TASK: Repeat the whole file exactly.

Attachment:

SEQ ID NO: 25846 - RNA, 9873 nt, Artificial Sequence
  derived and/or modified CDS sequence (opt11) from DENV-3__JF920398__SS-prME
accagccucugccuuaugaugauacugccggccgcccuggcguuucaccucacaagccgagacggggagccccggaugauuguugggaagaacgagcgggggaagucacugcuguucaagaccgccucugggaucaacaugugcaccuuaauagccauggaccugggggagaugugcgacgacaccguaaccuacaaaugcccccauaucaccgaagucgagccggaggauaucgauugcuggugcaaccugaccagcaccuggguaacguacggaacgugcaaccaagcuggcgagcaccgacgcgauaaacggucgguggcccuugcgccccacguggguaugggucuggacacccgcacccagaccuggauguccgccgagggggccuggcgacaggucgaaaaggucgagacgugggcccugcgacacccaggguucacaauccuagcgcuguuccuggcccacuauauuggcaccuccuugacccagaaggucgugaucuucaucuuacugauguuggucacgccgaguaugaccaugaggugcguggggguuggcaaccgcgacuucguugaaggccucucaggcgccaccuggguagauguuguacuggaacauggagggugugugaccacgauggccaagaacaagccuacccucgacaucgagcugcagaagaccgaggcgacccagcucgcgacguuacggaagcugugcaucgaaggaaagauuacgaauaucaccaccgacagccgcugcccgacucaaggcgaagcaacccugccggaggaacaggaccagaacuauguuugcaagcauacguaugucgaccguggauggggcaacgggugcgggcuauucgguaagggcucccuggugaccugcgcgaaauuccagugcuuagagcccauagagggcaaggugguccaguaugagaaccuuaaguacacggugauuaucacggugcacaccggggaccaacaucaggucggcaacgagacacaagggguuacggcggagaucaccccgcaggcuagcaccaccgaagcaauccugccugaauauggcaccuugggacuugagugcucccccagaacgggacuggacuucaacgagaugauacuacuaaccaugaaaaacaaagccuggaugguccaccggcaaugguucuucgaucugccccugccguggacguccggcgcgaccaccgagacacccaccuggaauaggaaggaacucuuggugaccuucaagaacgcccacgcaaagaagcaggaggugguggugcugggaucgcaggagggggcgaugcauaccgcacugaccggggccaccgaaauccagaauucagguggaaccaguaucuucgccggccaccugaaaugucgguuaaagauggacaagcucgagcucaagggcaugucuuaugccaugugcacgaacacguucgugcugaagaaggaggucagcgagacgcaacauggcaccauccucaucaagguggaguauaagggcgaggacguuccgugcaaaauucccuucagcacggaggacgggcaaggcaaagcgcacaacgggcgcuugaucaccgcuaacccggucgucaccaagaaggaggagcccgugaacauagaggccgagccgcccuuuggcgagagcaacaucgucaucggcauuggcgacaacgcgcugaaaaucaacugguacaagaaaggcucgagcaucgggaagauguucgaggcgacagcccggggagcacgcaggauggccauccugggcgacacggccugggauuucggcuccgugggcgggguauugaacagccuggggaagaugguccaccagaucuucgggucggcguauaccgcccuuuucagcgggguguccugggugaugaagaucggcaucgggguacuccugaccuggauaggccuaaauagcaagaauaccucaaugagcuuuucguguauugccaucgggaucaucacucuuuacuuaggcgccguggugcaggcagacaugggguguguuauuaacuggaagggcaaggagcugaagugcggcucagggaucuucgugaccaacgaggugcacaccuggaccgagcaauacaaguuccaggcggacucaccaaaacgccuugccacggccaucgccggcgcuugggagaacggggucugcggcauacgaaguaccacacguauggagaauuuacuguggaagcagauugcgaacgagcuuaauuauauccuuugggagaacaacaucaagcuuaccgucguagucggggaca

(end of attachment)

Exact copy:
SEQ ID NO: 25846 - RNA, 9873 nt, Artificial Sequence
  derived and/or modified CDS sequence (opt11) from DENV-3__JF920398__SS-prME
accagccucugccuuaugaugauacugccggccgcccuggcguuucaccucacaagccgagacggggagccccggaugauuguugggaagaacgagcgggggaagucacugcuguucaagaccgccucugggaucaacaugugcaccuuaauagccauggaccugggggagaugugcgacgacaccguaaccuacaaaugcccccauaucaccgaagucgagccggaggauaucgauugcuggugcaaccugaccagcaccuggguaacguacggaacgugcaaccaagcuggcgagcaccgacgcgauaaacggucgguggcccuugcgccccacguggguaugggucuggacacccgcacccagaccuggauguccgccgagggggccuggcgacaggucgaaaaggucgagacgugggcccugcgacacccaggguucacaauccuagcgcuguuccuggcccacuauauuggcaccuccuugacccagaaggucgugaucuucaucuuacugauguuggucacgccgaguaugaccaugaggugcguggggguuggcaaccgcgacuucguugaaggccucucaggcgccaccuggguagauguuguacuggaacauggagggugugugaccacgauggccaagaacaagccuacccucgacaucgagcugcagaagaccgaggcgacccagcucgcgacguuacggaagcugugcaucgaaggaaagauuacgaauaucaccaccgacagccgcugcccgacucaaggcgaagcaacccugccggaggaacaggaccagaacuauguuugcaagcauacguaugucgaccguggauggggcaacgggugcgggcuauucgguaagggcucccuggugaccugcgcgaaauuccagugcuuagagcccauagagggcaaggugguccaguaugagaaccuuaaguacacggugauuaucacggugcacaccggggaccaacaucaggucggcaacgagacacaagggguuacggcggagaucaccccgcaggcuagcaccaccgaagcaauccugccugaauauggcaccuugggacuugagugcucccccagaacgggacuggacuucaacgagaugauacuacuaaccaugaaaaacaaagccuggaugguccaccggcaaugguucuucgaucugccccugccguggacguccggcgcgaccaccgagacacccaccuggaauaggaaggaacucuuggugaccuucaagaacgcccacgcaaagaagcaggaggugguggugcugggaucgcaggagggggcgaugcauaccgcacugaccggggccaccgaaauccagaauucagguggaaccaguaucuucgccggccaccugaaaugucgguuaaagauggacaagcucgagcucaagggcaugucuuaugccaugugcacgaacacguucgugcugaagaaggaggucagcgagacgcaacauggcaccauccucaucaagguggaguauaagggcgaggacguuccgugcaaaauucccuucagcacggaggacgggcaaggcaaagcgcacaacgggcgcuugaucaccgcuaacccggucgucaccaagaaggaggagcccgugaacauagaggccgagccgcccuuuggcgagagcaacaucgucaucggcauuggcgacaacgcgcugaaaaucaacugguacaagaaaggcucgagcaucgggaagauguucgaggcgacagcccggggagcacgcaggauggccauccugggcgacacggccugggauuucggcuccgugggcgggguauugaacagccuggggaagaugguccaccagaucuucgggucggcguauaccgcccuuuucagcgggguguccugggugaugaagaucggcaucgggguacuccugaccuggauaggccuaaauagcaagaauaccucaaugagcuuuucguguauugccaucgggaucaucacucuuuacuuaggcgccguggugcaggcagacaugggguguguuauuaacuggaagggcaaggagcugaagugcggcucagggaucuucgugaccaacgaggugcacaccuggaccgagcaauacaaguuccaggcggacucaccaaaacgccuugccacggccaucgccggcgcuugggagaacggggucugcggcauacgaaguaccacacguauggagaauuuacuguggaagcagauugcgaacgagcuuaauuauauccuuugggagaacaacaucaagcuuaccgucguagucggggaca